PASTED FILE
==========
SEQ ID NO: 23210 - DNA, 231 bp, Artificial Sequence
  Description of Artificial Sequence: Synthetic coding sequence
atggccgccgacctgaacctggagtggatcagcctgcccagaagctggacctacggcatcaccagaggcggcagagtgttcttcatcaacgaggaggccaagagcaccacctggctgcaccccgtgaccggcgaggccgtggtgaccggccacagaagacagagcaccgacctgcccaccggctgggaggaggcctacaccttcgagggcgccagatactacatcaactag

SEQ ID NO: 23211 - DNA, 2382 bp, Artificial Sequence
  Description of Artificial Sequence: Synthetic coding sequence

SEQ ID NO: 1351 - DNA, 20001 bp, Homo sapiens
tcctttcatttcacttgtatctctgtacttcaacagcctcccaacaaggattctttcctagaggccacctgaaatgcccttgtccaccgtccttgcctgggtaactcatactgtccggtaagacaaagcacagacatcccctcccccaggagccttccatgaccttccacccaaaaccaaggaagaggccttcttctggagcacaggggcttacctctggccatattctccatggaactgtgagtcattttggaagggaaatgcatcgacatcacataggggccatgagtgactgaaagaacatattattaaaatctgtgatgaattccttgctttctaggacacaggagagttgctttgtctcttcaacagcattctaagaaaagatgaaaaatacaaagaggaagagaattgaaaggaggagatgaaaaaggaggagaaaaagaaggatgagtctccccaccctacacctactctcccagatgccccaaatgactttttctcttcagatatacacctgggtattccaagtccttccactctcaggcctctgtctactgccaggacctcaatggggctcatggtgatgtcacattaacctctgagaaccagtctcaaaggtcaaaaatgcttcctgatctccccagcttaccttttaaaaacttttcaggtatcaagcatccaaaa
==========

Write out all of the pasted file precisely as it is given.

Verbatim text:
SEQ ID NO: 23210 - DNA, 231 bp, Artificial Sequence
  Description of Artificial Sequence: Synthetic coding sequence
atggccgccgacctgaacctggagtggatcagcctgcccagaagctggacctacggcatcaccagaggcggcagagtgttcttcatcaacgaggaggccaagagcaccacctggctgcaccccgtgaccggcgaggccgtggtgaccggccacagaagacagagcaccgacctgcccaccggctgggaggaggcctacaccttcgagggcgccagatactacatcaactag

SEQ ID NO: 23211 - DNA, 2382 bp, Artificial Sequence
  Description of Artificial Sequence: Synthetic coding sequence

SEQ ID NO: 1351 - DNA, 20001 bp, Homo sapiens
tcctttcatttcacttgtatctctgtacttcaacagcctcccaacaaggattctttcctagaggccacctgaaatgcccttgtccaccgtccttgcctgggtaactcatactgtccggtaagacaaagcacagacatcccctcccccaggagccttccatgaccttccacccaaaaccaaggaagaggccttcttctggagcacaggggcttacctctggccatattctccatggaactgtgagtcattttggaagggaaatgcatcgacatcacataggggccatgagtgactgaaagaacatattattaaaatctgtgatgaattccttgctttctaggacacaggagagttgctttgtctcttcaacagcattctaagaaaagatgaaaaatacaaagaggaagagaattgaaaggaggagatgaaaaaggaggagaaaaagaaggatgagtctccccaccctacacctactctcccagatgccccaaatgactttttctcttcagatatacacctgggtattccaagtccttccactctcaggcctctgtctactgccaggacctcaatggggctcatggtgatgtcacattaacctctgagaaccagtctcaaaggtcaaaaatgcttcctgatctccccagcttaccttttaaaaacttttcaggtatcaagcatccaaaa